The American Red Cross is investigating wide-ranging accusations of impropriety among volunteers during its response to Hurricane Katrina, the New York Times reports.
The accusations include improper diversion of relief supplies, failure to follow required Red Cross procedures in tracking and distributing supplies, and use of felons as volunteers in the disaster area in violation of Red Cross rules. While there are no official estimates of the value of cash and supplies that might have been misappropriated, Red Cross volunteers who came forward with the accusations put the amount in the millions of dollars. Among the specific problems identified were the disappearance of rented cars, generators, and nearly a third of the nine thousand air mattresses donated by a private company, as well as the unauthorized possession of computer equipment that could be used to add funding to debit cards and manipulate databases.
"We're in the middle of this," said interim Red Cross CEO John F. McGuire, "and we're looking at a range of possible problems, from issues between a few people that are really nothing other than bad will, to failure to follow good management principles and Red Cross procedures that have caused a lot of waste, to criminal activity."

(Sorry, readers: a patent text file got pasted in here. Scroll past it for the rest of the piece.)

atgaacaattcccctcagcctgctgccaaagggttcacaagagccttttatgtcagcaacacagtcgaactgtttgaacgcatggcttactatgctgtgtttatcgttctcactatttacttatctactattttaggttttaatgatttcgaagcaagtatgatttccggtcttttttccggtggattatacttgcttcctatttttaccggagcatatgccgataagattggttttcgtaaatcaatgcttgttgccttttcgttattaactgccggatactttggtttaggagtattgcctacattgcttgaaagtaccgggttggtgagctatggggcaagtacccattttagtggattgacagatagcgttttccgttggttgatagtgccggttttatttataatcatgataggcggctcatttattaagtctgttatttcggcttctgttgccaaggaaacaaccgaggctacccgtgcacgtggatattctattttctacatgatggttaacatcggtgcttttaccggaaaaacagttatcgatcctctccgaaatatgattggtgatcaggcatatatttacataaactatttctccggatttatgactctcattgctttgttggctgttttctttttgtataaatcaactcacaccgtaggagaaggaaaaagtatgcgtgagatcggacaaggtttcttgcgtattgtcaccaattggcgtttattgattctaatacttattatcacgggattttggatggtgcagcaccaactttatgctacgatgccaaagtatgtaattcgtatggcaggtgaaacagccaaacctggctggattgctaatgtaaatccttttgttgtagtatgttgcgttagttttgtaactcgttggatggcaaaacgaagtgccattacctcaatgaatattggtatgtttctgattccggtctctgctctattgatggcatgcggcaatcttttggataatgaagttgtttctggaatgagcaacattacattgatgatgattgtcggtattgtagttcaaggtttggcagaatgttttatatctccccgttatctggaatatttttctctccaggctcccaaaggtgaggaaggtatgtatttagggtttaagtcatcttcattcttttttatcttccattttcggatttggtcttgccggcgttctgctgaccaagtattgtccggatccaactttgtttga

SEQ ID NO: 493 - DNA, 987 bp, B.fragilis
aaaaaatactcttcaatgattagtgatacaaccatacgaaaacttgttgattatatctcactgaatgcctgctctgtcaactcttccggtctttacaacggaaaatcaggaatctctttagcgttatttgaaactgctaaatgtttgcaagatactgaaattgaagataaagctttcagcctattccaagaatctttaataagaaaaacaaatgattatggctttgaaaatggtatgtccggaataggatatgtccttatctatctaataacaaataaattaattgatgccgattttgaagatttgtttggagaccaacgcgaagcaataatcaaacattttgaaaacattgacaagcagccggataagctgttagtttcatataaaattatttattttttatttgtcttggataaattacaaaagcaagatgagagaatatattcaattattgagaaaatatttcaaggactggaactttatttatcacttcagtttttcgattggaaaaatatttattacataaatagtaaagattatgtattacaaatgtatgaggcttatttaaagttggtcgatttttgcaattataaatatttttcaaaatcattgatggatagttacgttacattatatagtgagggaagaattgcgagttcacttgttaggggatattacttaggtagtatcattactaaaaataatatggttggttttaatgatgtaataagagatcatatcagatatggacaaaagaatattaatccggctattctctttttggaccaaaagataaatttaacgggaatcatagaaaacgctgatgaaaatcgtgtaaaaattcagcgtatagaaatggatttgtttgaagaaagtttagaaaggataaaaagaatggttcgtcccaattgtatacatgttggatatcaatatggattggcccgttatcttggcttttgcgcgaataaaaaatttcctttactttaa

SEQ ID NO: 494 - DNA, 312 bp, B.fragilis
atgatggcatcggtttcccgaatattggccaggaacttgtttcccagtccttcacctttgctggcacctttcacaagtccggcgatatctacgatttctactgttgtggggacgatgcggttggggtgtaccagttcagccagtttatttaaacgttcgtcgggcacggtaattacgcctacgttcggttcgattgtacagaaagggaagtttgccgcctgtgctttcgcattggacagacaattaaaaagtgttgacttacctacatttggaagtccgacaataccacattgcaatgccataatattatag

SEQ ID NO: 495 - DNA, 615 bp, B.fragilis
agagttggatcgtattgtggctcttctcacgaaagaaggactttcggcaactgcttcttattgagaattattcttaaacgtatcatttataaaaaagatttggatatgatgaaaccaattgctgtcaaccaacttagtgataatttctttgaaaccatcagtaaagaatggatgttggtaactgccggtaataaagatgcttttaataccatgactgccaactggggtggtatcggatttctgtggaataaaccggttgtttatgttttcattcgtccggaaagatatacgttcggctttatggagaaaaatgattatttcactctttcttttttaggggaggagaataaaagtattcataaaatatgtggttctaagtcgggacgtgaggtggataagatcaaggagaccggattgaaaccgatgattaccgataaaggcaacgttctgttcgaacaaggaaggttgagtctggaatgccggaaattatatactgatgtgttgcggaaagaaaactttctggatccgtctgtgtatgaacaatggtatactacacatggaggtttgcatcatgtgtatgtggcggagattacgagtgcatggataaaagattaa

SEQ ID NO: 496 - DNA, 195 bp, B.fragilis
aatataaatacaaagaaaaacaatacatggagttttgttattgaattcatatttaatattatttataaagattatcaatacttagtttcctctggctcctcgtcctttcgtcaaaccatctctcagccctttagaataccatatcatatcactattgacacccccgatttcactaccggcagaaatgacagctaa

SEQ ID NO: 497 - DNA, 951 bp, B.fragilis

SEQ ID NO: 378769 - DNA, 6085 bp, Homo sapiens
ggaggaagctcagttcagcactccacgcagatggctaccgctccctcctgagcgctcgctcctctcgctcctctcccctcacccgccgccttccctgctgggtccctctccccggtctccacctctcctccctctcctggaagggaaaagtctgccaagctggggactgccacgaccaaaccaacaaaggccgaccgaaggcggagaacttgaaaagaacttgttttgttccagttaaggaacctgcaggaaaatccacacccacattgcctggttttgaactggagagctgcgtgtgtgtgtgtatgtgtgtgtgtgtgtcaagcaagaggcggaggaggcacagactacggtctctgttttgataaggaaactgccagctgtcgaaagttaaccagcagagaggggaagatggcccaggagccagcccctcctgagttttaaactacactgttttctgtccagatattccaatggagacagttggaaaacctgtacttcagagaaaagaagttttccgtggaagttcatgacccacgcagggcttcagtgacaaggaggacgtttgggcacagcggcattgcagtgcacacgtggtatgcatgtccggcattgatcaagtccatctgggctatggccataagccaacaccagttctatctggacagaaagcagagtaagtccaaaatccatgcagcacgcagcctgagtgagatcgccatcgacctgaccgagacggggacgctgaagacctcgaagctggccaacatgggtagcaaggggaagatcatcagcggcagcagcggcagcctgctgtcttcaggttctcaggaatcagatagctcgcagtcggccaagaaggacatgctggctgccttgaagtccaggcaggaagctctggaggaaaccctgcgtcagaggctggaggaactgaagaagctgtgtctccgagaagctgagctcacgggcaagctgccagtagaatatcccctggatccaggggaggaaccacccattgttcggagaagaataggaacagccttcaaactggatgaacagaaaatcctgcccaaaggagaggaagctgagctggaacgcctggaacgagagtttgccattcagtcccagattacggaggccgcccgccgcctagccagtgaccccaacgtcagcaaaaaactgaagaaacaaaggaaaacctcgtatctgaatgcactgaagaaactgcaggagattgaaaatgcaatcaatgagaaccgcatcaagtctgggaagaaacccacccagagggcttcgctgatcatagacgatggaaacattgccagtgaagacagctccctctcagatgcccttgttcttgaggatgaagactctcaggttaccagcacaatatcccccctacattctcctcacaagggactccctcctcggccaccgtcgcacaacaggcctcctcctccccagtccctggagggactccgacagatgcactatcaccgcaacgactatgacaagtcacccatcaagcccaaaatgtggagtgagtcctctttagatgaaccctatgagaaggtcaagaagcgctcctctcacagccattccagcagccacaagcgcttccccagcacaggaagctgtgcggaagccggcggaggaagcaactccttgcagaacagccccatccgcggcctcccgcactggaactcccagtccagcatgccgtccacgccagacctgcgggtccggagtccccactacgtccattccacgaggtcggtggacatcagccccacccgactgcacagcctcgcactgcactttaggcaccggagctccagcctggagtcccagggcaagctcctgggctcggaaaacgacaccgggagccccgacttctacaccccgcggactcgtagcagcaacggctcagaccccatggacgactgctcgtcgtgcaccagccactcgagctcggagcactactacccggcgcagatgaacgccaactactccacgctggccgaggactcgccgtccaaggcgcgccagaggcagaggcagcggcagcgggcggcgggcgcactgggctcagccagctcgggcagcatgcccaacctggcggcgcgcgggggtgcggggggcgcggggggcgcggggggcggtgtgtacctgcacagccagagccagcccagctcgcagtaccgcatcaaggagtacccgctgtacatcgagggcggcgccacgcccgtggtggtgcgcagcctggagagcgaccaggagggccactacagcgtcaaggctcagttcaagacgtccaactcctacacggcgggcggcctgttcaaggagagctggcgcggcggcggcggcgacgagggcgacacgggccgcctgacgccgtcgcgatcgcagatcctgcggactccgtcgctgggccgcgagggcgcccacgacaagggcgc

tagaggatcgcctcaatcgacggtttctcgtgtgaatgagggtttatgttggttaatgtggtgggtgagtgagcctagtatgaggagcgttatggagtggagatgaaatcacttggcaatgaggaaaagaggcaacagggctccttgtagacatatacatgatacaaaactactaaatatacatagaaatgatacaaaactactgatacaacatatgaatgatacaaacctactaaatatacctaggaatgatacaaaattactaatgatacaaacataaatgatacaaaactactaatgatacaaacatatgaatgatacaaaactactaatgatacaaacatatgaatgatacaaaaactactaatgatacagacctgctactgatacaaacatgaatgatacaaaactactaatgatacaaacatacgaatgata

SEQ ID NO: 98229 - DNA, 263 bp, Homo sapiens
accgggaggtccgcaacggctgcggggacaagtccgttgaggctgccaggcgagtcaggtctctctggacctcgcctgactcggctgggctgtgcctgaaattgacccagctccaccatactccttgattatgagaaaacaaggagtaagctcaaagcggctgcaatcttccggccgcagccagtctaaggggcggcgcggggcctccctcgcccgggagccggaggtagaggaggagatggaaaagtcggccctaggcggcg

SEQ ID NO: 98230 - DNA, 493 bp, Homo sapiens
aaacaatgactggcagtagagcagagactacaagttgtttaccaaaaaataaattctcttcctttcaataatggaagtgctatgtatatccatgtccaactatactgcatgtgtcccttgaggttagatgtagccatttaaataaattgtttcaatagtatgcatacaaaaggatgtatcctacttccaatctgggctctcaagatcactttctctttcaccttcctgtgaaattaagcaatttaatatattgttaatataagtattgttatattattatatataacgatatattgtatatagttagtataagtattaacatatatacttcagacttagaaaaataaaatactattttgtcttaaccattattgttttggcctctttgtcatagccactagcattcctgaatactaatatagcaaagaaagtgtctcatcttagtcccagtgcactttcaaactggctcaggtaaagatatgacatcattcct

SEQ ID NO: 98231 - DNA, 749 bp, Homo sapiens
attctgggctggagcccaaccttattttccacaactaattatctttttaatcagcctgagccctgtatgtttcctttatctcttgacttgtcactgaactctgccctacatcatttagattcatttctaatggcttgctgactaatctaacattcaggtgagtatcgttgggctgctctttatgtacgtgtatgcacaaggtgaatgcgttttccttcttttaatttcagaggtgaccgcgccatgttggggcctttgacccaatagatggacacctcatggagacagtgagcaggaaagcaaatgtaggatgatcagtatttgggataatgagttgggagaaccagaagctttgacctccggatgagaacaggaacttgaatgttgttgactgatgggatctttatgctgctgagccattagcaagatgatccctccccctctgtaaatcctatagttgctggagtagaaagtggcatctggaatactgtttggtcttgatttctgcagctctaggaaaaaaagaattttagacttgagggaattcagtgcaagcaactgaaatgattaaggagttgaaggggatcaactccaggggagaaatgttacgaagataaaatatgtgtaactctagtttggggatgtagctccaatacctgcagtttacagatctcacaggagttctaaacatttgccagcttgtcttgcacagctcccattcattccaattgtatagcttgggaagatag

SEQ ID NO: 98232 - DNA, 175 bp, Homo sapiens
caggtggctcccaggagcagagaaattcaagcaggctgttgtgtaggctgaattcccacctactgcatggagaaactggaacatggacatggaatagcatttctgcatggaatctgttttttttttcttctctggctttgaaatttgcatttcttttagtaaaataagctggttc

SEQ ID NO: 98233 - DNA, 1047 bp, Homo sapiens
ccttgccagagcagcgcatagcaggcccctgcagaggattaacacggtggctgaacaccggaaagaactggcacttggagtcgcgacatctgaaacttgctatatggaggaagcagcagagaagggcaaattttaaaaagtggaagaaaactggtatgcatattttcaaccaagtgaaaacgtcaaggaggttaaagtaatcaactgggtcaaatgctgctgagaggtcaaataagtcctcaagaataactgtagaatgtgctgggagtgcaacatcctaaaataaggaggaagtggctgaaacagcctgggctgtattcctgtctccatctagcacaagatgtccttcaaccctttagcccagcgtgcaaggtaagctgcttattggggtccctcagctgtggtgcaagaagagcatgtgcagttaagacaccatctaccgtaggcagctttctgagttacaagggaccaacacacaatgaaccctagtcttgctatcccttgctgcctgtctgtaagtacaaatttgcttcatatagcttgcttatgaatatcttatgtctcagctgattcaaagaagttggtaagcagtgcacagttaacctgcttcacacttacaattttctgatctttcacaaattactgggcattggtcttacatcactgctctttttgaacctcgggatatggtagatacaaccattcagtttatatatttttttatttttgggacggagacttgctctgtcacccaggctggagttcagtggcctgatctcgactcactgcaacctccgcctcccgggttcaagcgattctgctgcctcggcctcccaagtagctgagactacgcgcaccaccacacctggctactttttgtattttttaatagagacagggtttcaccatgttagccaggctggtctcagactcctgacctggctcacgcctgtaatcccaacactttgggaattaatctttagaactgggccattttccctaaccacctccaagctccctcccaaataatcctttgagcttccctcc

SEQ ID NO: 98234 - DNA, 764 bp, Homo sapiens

In interviews, more than a dozen volunteers from around the country described an organization that had virtually no cost controls, little oversight of its inventory, and no mechanism to conduct basic background checks on volunteers given substantial responsibility. Similar descriptions were included in a report — assigned by the organization and conducted by a Maryland attorney and a Wisconsin security guard who had previously uncovered wrongdoing in Texas after the hurricane — that cited "a breathtaking systematic failure" by senior managers to enforce inventory-control procedures and "outright contempt" for internal fiscal controls. McGuire said the organization has pursued every tip, and any finding of criminal activity would be turned over to law enforcement authorities. "The vast majority are misconceptions," he added. "The key for us is to know whether we've got a problem in the Red Cross system and procedures...or whether we have a criminal problem."
The organization, which raised $3.6 billion for its hurricane relief efforts last year, has already drawn stern criticism for its uneven response to Hurricane Katrina, most notably from Sen. Charles E. Grassley (R-IA), chairman of Senate Finance Committee, who has threatened to revoke the organization's charter if it does not overhaul its operations. "The allegations from Red Cross volunteers are wide ranging and include possible criminal misconduct," Grassley said. "The Red Cross needs to change its mind-set so it addresses volunteers' concerns swiftly and appropriately, regardless of whether a Senate committee chairman is asking the questions."